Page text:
FREE Public Forum | Register here
Date: Thursday, 24 October 2019
Address: Melbourne Town Hall, Level 3, Supper Room
Cerebral palsy affects 37,000 Australians. It’s a physical disability that affects movement and posture, caused by damage to the developing brain before, during or soon after birth.
Ongoing developments in cerebral palsy medical research bring hope for a brighter future. Early detection and intervention are critical for maximising the potential of people with cerebral palsy. Find out how researchers from The Ritchie Centre are revealing more about the causes of cerebral palsy and the new therapies they are developing for its treatment.
Who should attend?
This free public forum will be useful for
- Families and people with cerebral palsy who are interested in what the future may hold
- Physical therapists with an interest in this field
- Researchers interested in perinatal brain injury and The Ritchie Centre’s research.
- Dr Rob Galinsky studies the effects of inflammation before birth on fetal brain function and anti-inflammatory treatments that could help. (The Ritchie Centre, Hudson Institute)
- Dr Courtney McDonald is a biologist who studies stem cell therapies for cerebral palsy (The Ritchie Centre, Hudson Institute)
- Associate Professor Tim Moss’ research examines brain development and the damaging effects of inflammation before birth. (The Ritchie Centre, Hudson Institute)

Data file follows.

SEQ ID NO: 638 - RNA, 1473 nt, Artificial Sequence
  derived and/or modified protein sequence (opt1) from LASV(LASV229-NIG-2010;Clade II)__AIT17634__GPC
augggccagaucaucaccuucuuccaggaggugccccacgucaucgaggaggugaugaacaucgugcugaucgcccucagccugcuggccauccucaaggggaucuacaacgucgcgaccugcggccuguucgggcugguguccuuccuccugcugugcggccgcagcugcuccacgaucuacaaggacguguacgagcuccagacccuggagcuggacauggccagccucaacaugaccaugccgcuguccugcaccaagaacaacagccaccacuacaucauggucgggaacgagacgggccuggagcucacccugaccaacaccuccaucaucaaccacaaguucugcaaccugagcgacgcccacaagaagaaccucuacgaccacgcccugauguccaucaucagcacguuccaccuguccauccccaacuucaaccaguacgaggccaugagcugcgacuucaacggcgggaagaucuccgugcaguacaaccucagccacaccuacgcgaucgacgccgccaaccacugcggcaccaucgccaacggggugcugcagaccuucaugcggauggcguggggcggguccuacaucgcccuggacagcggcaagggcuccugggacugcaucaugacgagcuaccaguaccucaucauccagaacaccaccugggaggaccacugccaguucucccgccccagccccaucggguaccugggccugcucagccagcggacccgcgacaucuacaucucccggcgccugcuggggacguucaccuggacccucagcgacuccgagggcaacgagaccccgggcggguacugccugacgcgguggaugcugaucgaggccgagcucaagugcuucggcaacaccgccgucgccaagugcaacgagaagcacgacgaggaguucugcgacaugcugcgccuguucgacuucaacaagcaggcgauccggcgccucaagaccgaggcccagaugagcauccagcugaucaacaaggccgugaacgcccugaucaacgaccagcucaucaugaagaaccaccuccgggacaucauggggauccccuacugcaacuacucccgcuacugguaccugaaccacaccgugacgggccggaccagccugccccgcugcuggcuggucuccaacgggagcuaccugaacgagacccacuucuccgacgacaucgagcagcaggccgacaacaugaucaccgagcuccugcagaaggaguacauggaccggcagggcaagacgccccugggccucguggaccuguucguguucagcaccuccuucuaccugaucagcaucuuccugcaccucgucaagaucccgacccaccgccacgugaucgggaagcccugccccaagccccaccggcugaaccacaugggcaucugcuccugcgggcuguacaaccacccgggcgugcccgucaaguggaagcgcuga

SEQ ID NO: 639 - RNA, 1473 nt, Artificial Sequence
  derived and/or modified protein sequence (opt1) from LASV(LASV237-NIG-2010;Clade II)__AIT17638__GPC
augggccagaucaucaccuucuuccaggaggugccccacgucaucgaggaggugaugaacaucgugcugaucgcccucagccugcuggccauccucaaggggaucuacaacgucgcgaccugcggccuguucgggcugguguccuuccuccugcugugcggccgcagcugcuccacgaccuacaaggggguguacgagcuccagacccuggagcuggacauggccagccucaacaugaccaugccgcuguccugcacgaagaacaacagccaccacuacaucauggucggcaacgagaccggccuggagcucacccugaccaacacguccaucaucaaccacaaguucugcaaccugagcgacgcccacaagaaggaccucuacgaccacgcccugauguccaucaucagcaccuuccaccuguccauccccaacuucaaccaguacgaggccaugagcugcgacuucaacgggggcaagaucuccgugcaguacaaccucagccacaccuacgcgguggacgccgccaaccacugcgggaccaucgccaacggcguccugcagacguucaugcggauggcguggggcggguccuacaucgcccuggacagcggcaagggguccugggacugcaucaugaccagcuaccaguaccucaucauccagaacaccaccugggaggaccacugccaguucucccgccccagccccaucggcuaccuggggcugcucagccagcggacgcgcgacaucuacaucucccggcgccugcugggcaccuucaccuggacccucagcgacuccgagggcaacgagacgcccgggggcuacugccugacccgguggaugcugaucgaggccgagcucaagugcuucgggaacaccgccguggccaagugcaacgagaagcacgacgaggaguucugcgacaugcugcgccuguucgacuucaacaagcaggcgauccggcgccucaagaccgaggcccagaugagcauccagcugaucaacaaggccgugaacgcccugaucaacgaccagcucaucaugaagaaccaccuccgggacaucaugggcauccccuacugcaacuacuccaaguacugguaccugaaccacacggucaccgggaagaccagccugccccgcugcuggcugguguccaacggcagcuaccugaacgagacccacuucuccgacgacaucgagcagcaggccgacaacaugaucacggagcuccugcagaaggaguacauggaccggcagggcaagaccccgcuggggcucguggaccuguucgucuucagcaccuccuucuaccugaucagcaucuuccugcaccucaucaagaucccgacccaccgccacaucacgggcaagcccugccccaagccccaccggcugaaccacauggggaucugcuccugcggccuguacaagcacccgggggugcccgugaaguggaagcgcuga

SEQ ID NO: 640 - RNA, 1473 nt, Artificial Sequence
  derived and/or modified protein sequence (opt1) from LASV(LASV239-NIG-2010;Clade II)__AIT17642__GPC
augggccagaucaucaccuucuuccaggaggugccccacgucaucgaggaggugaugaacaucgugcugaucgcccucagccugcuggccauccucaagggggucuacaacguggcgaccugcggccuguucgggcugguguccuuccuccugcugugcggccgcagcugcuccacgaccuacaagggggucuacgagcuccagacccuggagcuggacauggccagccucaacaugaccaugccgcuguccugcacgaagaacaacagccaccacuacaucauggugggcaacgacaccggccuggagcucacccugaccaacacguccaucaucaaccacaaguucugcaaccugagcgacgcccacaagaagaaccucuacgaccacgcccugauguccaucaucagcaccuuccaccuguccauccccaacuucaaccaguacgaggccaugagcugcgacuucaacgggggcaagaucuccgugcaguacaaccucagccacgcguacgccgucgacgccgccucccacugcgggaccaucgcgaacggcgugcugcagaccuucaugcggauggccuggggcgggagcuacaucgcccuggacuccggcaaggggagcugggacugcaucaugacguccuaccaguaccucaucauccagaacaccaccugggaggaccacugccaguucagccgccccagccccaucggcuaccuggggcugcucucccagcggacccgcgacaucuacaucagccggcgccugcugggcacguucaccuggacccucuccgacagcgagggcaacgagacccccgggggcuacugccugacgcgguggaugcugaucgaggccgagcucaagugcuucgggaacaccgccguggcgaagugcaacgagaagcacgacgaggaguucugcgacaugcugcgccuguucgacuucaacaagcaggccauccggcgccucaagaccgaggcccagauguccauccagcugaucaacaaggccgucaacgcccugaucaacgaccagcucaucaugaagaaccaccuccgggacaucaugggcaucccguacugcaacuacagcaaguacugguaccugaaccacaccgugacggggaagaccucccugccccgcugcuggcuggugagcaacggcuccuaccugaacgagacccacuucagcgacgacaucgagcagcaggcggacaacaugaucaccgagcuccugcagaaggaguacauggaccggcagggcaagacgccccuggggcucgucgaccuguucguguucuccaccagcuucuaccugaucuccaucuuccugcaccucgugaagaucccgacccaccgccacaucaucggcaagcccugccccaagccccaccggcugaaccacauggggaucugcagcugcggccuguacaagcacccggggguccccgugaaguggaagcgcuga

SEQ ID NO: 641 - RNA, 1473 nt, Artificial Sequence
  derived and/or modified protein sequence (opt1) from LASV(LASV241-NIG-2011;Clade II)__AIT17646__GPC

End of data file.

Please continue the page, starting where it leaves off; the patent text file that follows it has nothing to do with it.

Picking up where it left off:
- Josie Palancian is mother to a 14-year-old daughter with cerebral palsy.
- Michael Shearman is the father of a son with cerebral palsy, and the founder and co-director of Max on a Mission. Michael and his wife Claire are advocating for intensive physical therapy for cerebral palsy to be included in the National Disability Insurance Scheme (NDIS).
Topics will include
- The experience of parents of children with cerebral palsy
- Progress towards prevention, early detection and treatment of cerebral palsy
- Stem cell therapies for cerebral palsy
- The story of Max and how intensive therapy allowed him to substantially improve his physical capabilities
- How collaboration between parent champions, clinicians, physical therapists and researchers can create a brighter future for people with cerebral palsy.
About The Ritchie Centre
Researchers in The Ritchie Centre are discovering the causes of cerebral palsy, finding new ways to prevent it, and working with families to help children with cerebral palsy to maximise their potential.
This forum is being held as part of the 50 Year Anniversary Colloquium for The Ritchie Centre.